MECHANIC INJURES ARM WHILE WORKING ON SKIDDER BLADE
BACKGROUND: On a late winter morning at a log landing in the Appalachians, a maintenance mechanic and a logging crew member were installing a replacement cutting edge on a skidder blade. Weather conditions were fair and cold.
PERSONAL CHARACTERISTICS: Both the maintenance mechanic and the logging crew employee were about 50 years old. The maintenance mechanic had been employed with this logging company for six years. He was considered fully trained and had no physical disabilities and no previous accident history. Both workers were wearing hard hats, eye protection, and gloves.
UNSAFE ACTS & CONDITION: The 115-inch-long cutting edge weighed 160 pounds. The two workers supported the skidder blade by using a safety chain connected from the blade to the limb riser, but they did not support the weight of the cutting edge with jack stands or other blocking material.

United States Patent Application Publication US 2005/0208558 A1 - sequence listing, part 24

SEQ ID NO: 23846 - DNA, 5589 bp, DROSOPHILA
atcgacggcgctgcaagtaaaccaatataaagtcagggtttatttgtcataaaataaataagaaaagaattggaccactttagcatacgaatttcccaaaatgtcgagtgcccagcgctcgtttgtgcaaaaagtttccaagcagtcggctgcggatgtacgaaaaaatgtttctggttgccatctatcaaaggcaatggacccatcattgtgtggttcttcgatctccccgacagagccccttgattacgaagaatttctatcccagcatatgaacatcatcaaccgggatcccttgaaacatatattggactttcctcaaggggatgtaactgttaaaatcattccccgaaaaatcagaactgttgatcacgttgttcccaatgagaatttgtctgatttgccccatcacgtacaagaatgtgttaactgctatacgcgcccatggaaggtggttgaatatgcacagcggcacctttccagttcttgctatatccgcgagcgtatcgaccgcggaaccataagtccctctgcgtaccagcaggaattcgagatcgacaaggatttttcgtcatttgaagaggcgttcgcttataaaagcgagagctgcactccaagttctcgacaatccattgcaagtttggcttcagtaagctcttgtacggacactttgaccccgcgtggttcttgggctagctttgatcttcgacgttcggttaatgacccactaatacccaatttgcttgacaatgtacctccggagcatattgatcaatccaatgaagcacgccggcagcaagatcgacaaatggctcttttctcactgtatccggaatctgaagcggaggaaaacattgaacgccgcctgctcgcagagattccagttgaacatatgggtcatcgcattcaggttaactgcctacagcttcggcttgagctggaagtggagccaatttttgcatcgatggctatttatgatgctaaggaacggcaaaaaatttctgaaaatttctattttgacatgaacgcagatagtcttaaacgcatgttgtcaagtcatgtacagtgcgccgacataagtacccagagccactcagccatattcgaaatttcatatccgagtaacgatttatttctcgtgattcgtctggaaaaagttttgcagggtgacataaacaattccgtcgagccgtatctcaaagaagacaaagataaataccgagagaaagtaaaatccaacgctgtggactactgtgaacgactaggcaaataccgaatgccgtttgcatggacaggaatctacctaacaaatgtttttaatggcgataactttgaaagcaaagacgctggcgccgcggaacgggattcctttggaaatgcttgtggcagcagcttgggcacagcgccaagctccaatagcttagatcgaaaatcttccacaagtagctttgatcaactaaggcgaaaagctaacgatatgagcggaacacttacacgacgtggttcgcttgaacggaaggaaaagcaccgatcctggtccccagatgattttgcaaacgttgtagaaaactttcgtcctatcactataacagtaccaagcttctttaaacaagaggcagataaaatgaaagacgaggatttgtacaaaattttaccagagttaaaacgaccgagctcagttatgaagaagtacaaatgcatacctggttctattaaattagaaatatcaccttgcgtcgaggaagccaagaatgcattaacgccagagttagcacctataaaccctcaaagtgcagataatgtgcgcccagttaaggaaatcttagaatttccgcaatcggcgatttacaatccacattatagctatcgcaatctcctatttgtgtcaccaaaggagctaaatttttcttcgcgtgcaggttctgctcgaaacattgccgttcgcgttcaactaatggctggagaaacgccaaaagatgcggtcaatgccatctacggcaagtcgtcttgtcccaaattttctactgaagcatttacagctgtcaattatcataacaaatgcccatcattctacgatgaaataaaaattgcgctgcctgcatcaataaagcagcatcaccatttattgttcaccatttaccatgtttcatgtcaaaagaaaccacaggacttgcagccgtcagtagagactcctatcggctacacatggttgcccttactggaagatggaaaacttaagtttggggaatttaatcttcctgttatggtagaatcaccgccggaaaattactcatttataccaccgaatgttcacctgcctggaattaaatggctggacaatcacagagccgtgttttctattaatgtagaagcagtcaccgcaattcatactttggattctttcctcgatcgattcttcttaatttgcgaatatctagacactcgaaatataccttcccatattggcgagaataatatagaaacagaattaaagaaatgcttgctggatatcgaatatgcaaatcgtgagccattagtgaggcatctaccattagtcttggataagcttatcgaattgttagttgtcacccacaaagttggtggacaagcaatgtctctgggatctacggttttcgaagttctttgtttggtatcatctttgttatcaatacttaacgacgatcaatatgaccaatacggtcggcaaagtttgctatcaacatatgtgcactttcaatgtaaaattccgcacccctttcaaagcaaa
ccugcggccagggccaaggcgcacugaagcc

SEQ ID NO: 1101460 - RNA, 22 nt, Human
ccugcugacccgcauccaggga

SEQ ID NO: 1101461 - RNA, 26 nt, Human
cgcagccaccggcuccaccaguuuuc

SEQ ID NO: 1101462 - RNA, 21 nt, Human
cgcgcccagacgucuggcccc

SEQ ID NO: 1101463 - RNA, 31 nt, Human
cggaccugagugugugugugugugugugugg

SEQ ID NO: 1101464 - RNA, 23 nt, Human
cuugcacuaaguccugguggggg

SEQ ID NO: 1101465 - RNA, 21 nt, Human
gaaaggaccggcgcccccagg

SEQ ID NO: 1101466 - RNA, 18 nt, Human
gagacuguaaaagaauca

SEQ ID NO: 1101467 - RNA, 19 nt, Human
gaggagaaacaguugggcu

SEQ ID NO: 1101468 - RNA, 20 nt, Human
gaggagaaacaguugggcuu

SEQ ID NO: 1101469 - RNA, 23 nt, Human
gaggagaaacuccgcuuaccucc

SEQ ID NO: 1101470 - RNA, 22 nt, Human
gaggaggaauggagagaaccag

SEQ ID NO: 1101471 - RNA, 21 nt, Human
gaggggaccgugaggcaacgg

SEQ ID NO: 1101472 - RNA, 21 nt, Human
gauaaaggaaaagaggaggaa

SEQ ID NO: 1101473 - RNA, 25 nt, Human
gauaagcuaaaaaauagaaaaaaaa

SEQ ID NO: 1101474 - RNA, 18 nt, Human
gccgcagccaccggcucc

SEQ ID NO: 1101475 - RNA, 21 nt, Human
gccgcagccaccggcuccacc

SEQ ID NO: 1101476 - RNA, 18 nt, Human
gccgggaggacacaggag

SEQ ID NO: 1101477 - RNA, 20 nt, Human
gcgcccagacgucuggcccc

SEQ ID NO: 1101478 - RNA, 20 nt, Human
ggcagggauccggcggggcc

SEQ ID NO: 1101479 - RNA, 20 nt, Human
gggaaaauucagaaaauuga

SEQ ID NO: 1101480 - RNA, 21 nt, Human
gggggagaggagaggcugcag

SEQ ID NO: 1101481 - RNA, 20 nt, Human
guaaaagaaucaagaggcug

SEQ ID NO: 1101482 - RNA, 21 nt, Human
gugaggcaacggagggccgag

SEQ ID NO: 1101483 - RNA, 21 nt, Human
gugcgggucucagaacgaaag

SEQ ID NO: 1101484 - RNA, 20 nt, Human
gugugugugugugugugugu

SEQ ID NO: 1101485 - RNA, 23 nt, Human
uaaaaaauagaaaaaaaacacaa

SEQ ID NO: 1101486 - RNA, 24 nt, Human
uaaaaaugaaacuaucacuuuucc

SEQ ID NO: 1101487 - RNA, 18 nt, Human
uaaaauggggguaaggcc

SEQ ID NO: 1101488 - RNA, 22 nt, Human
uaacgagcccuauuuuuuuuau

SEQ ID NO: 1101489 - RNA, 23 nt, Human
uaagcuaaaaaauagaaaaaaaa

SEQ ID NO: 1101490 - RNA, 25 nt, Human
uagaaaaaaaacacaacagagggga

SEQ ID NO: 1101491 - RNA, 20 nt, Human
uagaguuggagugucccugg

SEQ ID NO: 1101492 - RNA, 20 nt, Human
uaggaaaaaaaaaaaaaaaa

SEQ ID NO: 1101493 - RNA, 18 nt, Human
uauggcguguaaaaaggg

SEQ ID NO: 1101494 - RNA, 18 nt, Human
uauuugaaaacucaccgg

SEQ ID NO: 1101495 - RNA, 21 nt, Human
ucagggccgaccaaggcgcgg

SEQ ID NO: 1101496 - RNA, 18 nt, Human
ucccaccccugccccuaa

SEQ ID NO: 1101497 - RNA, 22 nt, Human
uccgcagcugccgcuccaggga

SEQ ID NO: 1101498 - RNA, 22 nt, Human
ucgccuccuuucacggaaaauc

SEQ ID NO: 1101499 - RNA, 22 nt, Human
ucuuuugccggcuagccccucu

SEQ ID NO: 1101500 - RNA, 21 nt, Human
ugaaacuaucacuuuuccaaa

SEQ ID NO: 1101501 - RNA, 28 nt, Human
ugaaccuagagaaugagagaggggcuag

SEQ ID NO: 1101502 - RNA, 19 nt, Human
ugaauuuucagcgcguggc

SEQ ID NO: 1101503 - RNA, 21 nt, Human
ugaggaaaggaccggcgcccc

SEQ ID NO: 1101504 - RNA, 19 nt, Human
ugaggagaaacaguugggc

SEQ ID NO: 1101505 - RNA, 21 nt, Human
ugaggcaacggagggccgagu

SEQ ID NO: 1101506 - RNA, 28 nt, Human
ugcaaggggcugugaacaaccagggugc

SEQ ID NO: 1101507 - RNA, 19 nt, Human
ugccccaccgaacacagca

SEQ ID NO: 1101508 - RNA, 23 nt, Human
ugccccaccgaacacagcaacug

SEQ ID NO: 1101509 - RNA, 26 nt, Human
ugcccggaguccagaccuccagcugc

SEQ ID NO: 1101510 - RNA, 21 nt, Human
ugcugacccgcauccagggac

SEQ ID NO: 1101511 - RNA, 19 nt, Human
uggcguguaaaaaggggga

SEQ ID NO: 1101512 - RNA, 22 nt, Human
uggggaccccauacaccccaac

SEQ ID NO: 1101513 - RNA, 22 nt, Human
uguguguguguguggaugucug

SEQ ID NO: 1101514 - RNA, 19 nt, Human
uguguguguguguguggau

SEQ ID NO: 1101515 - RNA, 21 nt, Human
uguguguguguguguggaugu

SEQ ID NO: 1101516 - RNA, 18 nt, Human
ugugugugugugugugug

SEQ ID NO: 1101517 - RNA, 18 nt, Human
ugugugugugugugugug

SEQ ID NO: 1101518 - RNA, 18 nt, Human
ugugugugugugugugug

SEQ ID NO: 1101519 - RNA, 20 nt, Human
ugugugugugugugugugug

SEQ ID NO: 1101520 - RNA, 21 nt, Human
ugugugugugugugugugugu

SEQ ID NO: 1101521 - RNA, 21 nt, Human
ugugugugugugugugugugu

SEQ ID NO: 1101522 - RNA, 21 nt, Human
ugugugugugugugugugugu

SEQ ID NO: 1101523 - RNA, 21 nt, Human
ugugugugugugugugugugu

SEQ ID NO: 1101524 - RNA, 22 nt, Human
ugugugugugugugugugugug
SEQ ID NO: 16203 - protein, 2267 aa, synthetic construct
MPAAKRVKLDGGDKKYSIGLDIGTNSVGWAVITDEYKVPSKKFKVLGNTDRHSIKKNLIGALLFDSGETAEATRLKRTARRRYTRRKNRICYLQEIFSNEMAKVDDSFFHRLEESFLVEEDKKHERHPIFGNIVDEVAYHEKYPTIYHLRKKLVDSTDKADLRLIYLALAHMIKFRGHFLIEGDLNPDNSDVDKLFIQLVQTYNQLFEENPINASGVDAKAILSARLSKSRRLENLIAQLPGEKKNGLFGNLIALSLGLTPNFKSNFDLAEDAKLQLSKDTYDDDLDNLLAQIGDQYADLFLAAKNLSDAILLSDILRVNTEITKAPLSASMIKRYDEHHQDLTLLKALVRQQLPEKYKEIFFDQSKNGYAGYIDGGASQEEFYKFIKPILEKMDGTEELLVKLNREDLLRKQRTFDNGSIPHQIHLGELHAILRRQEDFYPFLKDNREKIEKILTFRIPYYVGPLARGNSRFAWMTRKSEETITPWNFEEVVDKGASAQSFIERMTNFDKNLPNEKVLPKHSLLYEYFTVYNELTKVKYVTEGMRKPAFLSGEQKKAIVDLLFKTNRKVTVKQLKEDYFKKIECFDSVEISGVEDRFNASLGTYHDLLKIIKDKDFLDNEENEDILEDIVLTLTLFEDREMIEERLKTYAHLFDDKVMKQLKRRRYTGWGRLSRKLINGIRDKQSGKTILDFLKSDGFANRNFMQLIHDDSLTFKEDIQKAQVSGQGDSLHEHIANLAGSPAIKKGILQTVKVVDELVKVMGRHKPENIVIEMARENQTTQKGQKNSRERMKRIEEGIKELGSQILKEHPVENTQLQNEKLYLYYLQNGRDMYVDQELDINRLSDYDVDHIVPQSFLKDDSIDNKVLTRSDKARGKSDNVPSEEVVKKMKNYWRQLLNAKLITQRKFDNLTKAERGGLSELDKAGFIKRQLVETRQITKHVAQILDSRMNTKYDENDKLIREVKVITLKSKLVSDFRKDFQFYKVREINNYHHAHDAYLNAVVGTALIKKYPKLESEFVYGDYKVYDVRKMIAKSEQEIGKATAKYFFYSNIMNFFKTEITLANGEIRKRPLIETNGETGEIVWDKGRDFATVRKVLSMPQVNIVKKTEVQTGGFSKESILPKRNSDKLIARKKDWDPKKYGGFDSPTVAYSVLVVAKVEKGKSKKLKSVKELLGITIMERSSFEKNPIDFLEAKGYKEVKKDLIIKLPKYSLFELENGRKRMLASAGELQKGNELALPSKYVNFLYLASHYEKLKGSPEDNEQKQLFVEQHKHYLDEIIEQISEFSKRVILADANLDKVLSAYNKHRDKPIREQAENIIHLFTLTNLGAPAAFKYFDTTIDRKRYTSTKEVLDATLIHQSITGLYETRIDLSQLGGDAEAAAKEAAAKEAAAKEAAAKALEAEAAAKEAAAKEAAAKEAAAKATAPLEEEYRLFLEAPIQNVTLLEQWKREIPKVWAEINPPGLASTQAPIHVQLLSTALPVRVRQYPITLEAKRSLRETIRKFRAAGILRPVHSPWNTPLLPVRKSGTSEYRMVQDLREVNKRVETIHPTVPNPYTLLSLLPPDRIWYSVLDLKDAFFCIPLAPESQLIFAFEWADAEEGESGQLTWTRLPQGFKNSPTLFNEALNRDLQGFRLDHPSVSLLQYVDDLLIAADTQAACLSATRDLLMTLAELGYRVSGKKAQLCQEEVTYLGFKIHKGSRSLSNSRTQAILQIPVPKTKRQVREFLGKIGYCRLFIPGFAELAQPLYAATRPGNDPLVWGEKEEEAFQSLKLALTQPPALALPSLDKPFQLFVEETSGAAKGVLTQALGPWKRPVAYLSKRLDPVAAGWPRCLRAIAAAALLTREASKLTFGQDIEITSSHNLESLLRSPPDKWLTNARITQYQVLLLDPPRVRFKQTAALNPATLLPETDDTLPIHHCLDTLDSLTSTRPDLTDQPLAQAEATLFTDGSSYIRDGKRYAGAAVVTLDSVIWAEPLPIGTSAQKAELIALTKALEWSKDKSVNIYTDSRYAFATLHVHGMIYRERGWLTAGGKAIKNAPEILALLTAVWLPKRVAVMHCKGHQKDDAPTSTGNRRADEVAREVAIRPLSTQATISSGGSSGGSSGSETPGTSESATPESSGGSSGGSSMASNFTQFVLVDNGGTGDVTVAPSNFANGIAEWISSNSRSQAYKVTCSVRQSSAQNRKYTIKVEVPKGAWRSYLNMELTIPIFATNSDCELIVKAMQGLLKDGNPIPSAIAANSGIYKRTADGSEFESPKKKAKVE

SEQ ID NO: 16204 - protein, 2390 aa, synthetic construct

The mechanic began clamping the cutting edge in place with a C-clamp while his helper held up the cutting edge. The cutting edge started to move, and the mechanic grabbed the edge with his left hand to prevent its movement.
ACCIDENT: As the mechanic grabbed the cutting edge, he felt and heard a pop in his left biceps.
INJURY: The mechanic suffered a torn left biceps that required surgery and rehabilitation. He lost 51 days of work.
RECOMMENDATIONS FOR CORRECTION:
- Use the appropriate number of employees to replace heavy items such as this cutting edge.
- Use jack stands or other blocking to support the weight of the cutting edge.
- When it is necessary to keep a blade, grapple, or attachment in a raised condition during machine maintenance or repair, support the item by using blocks, or use mechanical lockouts on the hydraulic cylinders. Always “block and chock” the equipment before beginning repairs.
- Think through the safety of the job at hand: do not try to accomplish two things with one hand (such as holding the cutting edge while tightening the C-clamp).
Appalachian/Southwide Region Manager
Please follow equipment manufacturers’ recommendations for safe operation and maintenance procedures.